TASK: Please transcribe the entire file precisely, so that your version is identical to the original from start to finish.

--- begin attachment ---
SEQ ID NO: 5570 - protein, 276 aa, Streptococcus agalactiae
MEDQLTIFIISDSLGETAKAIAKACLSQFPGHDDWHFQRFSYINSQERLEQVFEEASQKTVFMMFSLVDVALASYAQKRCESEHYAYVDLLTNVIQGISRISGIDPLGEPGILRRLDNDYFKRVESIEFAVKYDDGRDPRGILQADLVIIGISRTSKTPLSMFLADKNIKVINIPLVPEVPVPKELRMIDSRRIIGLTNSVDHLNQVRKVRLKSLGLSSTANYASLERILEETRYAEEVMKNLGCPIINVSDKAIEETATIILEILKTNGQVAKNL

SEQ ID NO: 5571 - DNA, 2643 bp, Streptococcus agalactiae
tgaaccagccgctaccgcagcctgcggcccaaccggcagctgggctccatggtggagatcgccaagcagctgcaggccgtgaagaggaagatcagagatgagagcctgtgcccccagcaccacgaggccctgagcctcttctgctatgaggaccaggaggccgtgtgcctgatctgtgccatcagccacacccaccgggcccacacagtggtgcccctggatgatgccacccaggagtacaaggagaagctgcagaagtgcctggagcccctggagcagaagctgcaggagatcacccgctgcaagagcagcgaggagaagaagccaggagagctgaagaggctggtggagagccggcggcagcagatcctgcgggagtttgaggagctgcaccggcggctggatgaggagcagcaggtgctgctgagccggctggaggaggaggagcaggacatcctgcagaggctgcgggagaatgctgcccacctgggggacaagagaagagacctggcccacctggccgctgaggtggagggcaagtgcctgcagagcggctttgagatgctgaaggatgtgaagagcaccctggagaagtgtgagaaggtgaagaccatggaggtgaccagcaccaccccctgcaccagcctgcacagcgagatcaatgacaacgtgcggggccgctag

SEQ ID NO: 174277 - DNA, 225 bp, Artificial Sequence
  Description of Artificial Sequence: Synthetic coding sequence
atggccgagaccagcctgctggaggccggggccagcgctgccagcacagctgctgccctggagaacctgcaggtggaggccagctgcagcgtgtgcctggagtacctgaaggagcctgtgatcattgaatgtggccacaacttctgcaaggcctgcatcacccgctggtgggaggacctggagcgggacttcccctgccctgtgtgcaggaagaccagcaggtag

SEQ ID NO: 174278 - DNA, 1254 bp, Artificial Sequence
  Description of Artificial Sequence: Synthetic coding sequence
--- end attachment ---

SEQ ID NO: 5570 - protein, 276 aa, Streptococcus agalactiae
MEDQLTIFIISDSLGETAKAIAKACLSQFPGHDDWHFQRFSYINSQERLEQVFEEASQKTVFMMFSLVDVALASYAQKRCESEHYAYVDLLTNVIQGISRISGIDPLGEPGILRRLDNDYFKRVESIEFAVKYDDGRDPRGILQADLVIIGISRTSKTPLSMFLADKNIKVINIPLVPEVPVPKELRMIDSRRIIGLTNSVDHLNQVRKVRLKSLGLSSTANYASLERILEETRYAEEVMKNLGCPIINVSDKAIEETATIILEILKTNGQVAKNL

SEQ ID NO: 5571 - DNA, 2643 bp, Streptococcus agalactiae
tgaaccagccgctaccgcagcctgcggcccaaccggcagctgggctccatggtggagatcgccaagcagctgcaggccgtgaagaggaagatcagagatgagagcctgtgcccccagcaccacgaggccctgagcctcttctgctatgaggaccaggaggccgtgtgcctgatctgtgccatcagccacacccaccgggcccacacagtggtgcccctggatgatgccacccaggagtacaaggagaagctgcagaagtgcctggagcccctggagcagaagctgcaggagatcacccgctgcaagagcagcgaggagaagaagccaggagagctgaagaggctggtggagagccggcggcagcagatcctgcgggagtttgaggagctgcaccggcggctggatgaggagcagcaggtgctgctgagccggctggaggaggaggagcaggacatcctgcagaggctgcgggagaatgctgcccacctgggggacaagagaagagacctggcccacctggccgctgaggtggagggcaagtgcctgcagagcggctttgagatgctgaaggatgtgaagagcaccctggagaagtgtgagaaggtgaagaccatggaggtgaccagcaccaccccctgcaccagcctgcacagcgagatcaatgacaacgtgcggggccgctag

SEQ ID NO: 174277 - DNA, 225 bp, Artificial Sequence
  Description of Artificial Sequence: Synthetic coding sequence
atggccgagaccagcctgctggaggccggggccagcgctgccagcacagctgctgccctggagaacctgcaggtggaggccagctgcagcgtgtgcctggagtacctgaaggagcctgtgatcattgaatgtggccacaacttctgcaaggcctgcatcacccgctggtgggaggacctggagcgggacttcccctgccctgtgtgcaggaagaccagcaggtag

SEQ ID NO: 174278 - DNA, 1254 bp, Artificial Sequence
  Description of Artificial Sequence: Synthetic coding sequence